Obama's Men and a Pakistani woman

When you read a headline like, ‘Obama pledges to invest in Pak democracy’ you do begin to wonder as to how democracy has become just a banking institution where you put your funds and then watch them grow. It is leader-to-leader and has nothing to do with the citizens.

Washington also began a detoxification process to rid Pakistan of the extremism it has nurtured at home to counter its obsessive fear and hatred for India, telling the country’s leadership again and again that it did not have to dread its eastern neighbour but its own home-grown militancy.

Pakistan knows that India will not initiate overt action; it has always known it. The American government does not. Or, it knows and looks the other way, trying to make smoke visible to consolidate its ‘possibility of fire’ theory. Pakistan has had to deal with home-grown militancy for a very long time, just as India does. This barter system being propagated by Obama is really a smarty tactic. He promised to give military aid to the country “to get the job done” like some feudal lord directing his minions.

In order to achieve the goal to “disrupt, dismantle and defeat” al-Qaeda and its allies in Pak, “we must deny them the space to threaten Pakistani, Afghan or American people.”

The al-Qaeda is the enemy of the United States and we know how it all started. A civil war is being made into a full-blown battle because of US presence. And to make things worse, Obama says that this is a threat to the US. The monetary aid is probably to keep the fight going, divert funds and tell the patriotic American people that this is for their own good. They must, therefore, not think about the layoffs, the recession, and the pathetic economic conditions. The ‘for your own good’ theory has made the US administration work out disastrous strategies in Afghanistan earlier and, later, Iraq. Both times they did not return with the intended targets…and Saddam Hussein was not the target. He was made one to justify the empty hands returning without the weapons of mass destruction.

“I have long said we cannot meet these challenges in isolation, nor delay the action, nor deny the resources necessary to get the job done. And that’s why we have a comprehensive (Af-Pak) strategy for the region,” said Obama.

Sure. Increase the defence budget, get more soldiers ready. These challenges are indeed isolated because each region has its own specific dynamics. Swat is not Buner, and the reaction of Islamabad to the two will be different. So, how does the US assume it knows better?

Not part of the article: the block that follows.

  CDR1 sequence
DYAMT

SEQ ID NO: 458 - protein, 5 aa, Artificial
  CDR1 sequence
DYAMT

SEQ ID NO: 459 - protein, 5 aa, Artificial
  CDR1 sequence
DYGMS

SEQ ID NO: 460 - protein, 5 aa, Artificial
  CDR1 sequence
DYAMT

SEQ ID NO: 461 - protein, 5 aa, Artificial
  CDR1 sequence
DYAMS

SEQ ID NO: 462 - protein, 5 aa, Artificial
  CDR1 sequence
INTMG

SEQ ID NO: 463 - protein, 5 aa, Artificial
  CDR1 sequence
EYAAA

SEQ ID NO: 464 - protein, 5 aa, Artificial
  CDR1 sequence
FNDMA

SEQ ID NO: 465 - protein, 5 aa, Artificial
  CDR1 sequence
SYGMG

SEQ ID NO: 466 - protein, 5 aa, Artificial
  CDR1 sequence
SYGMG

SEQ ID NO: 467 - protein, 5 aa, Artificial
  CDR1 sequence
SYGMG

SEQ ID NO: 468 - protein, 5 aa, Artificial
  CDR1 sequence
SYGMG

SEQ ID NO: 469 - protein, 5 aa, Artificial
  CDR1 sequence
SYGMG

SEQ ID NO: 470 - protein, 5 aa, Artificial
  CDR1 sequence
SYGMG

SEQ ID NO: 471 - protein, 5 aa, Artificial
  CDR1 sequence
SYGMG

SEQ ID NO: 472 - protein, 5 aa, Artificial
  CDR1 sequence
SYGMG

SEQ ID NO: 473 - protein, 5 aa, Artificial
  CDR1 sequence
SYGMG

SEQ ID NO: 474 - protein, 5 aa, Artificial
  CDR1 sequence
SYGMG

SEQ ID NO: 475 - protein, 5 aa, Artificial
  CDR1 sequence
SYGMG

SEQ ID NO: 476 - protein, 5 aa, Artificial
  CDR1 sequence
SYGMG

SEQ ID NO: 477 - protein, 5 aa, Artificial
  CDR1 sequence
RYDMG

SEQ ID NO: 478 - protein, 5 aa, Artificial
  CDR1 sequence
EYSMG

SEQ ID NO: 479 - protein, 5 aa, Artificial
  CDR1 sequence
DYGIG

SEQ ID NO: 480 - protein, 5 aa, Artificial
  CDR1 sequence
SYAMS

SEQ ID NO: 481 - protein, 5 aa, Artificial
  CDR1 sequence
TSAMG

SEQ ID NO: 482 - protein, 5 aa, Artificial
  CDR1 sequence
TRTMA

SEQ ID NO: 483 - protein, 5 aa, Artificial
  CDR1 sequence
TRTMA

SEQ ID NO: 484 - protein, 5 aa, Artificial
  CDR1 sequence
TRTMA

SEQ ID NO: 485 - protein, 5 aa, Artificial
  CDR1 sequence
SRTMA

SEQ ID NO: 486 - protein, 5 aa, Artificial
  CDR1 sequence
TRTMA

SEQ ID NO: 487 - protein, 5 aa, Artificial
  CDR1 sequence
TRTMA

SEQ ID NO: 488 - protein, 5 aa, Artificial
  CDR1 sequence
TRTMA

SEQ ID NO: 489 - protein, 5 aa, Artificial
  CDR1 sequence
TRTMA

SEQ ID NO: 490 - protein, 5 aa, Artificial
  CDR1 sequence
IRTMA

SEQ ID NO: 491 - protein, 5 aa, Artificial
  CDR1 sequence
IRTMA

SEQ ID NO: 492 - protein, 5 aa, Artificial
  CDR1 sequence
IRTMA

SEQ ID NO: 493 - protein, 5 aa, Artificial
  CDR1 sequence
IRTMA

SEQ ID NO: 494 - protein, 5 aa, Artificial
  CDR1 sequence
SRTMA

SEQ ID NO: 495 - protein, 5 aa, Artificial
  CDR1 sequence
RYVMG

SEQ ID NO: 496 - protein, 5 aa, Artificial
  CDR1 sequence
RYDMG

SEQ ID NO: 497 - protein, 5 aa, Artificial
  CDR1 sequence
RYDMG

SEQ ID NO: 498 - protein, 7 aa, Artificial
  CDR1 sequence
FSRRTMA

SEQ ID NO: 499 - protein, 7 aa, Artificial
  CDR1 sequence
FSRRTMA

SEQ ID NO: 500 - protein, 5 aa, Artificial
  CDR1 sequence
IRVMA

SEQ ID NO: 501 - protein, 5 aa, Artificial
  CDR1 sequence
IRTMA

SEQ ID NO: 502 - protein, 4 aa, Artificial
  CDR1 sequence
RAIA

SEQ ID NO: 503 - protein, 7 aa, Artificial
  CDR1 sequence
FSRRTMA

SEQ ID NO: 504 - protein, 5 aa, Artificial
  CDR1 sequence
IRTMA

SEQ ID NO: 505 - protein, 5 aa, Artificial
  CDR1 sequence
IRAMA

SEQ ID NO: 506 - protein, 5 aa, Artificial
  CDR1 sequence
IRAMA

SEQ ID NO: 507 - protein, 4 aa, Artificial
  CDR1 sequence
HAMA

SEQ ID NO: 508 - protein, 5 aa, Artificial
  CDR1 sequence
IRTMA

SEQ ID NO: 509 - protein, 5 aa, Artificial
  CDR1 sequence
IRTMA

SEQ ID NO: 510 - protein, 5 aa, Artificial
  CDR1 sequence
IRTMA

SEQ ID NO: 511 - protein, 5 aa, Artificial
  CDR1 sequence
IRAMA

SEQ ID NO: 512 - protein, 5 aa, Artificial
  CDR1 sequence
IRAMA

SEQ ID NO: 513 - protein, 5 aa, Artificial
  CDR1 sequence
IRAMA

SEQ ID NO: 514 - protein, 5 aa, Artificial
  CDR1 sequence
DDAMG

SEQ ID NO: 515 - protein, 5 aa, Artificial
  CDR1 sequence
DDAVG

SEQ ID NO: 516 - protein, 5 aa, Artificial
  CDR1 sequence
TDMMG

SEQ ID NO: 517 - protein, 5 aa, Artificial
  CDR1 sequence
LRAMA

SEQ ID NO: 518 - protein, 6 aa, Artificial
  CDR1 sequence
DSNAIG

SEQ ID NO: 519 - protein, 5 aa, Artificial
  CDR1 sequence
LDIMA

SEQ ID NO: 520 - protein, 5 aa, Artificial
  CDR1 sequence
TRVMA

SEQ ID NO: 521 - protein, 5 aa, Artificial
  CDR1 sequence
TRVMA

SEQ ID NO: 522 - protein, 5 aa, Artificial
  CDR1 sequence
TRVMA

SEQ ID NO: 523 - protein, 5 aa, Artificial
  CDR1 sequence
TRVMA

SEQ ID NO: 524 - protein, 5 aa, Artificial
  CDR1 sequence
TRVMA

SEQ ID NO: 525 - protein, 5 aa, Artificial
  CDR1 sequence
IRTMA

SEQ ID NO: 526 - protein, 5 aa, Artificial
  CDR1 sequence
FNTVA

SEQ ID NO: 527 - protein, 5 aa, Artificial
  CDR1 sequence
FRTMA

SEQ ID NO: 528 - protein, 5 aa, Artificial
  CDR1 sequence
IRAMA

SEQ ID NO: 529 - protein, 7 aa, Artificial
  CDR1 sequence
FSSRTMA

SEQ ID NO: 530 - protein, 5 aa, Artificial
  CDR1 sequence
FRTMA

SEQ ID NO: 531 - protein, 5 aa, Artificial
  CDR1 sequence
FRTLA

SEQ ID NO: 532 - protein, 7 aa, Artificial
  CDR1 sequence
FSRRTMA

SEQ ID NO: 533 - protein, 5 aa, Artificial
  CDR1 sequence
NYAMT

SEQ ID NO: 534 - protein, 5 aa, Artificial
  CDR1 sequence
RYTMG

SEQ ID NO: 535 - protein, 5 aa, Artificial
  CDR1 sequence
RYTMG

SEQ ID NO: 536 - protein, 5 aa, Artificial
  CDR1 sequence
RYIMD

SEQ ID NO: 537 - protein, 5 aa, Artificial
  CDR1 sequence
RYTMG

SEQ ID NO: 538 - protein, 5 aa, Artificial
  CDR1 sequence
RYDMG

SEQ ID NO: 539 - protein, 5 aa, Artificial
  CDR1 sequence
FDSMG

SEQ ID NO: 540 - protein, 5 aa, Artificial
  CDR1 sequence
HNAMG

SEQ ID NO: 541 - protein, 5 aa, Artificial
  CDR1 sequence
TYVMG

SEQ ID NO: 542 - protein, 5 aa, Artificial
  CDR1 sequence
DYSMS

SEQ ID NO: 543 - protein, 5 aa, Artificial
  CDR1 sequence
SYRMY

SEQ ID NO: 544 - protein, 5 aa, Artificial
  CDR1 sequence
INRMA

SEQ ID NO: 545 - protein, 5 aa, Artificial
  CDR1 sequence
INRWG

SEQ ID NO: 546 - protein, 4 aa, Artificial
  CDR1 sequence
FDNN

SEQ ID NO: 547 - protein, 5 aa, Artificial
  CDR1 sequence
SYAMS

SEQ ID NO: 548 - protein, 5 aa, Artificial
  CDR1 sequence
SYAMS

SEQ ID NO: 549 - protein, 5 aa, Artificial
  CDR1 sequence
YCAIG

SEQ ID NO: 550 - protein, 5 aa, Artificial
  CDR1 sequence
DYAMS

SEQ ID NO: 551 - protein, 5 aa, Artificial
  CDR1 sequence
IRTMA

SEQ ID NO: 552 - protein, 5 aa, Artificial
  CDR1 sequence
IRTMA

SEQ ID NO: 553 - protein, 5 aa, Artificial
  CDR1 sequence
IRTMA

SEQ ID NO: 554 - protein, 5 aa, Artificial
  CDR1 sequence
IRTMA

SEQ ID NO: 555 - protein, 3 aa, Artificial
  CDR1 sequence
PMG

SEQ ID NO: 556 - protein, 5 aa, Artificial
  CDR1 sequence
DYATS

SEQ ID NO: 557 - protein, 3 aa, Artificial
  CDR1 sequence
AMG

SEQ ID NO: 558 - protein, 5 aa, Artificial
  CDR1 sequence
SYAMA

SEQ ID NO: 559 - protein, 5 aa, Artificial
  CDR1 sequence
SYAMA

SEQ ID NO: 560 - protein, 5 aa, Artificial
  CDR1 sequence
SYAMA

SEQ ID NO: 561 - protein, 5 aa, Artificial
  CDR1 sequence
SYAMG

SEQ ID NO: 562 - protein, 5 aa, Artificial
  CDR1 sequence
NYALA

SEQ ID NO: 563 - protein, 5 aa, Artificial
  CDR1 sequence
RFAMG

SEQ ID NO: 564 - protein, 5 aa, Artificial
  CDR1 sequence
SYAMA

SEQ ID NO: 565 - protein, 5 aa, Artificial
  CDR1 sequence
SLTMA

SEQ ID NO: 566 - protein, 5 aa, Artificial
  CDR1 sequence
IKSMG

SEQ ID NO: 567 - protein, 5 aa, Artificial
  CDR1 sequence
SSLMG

The Af-Pak strategy (a term that itself reveals ignorance) is one more sound byte till the troops go marching in.

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Since I love reading more into pictures than appears, here goes:

Obama is on centre-stage, naturally, looking earnest. His left hand is held up to emphasise a point but more to his home audience rather than the leaders flanking him. The wedding band is visible conveying the image of the family as a unit, symbolising the country as a unit

Karzai’s hands are joined together but there seems an opening between to keep options open; he is listening and his head is slightly bent towards Obama, and that could convey that he would probably be easier to tackle.

Zardari too has his hands joined and there is no room to manoeuvre; they are on the table, which means he won’t take risks. He is looking straight ahead, so the possibility of his listening through one ear and letting it out of the other are there. Also, he has a slight sneer, perhaps indicating that he knows more than he is willing to let out, or he knows what’s going on in Obama’s mind.

Based on just this one picture, I’d give Zardari marks for being the sharpest because he is playing his cards close to his chest and may spring a few surprises.

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Tatheer Daryani, a Pakistani final year student of Fine Arts Pakistani at the M S University, Baroda, has used her own hair and blood along with mercury latex and glass in her works which are being displayed as part of annual display of art works to highlight the plight of women in Pakistan.

"I cannot explain my art work in words and one has to see it to understand it. I myself wanted to be a part of my art work and I, therefore, used my own blood and hair while sculpting my idea into a definite form.”

I am all for such ‘subjective’ use in art and literature or any creative endeavour. I wonder, though, whether the avowed purpose truly manages to convey what it sets out to do. Blood and hair are universal, but would red paint and artificial hair not convey the same emotions. Had we not been informed would we even know?

Will the attention now not be on the artist’s blood and hair rather than the message she wishes to put forth? If it were about a personal journey, one can well understand. This is not to rebut such attempts but to question aloud about how much reaches how far. It applies to all of us who endeavour to do so.

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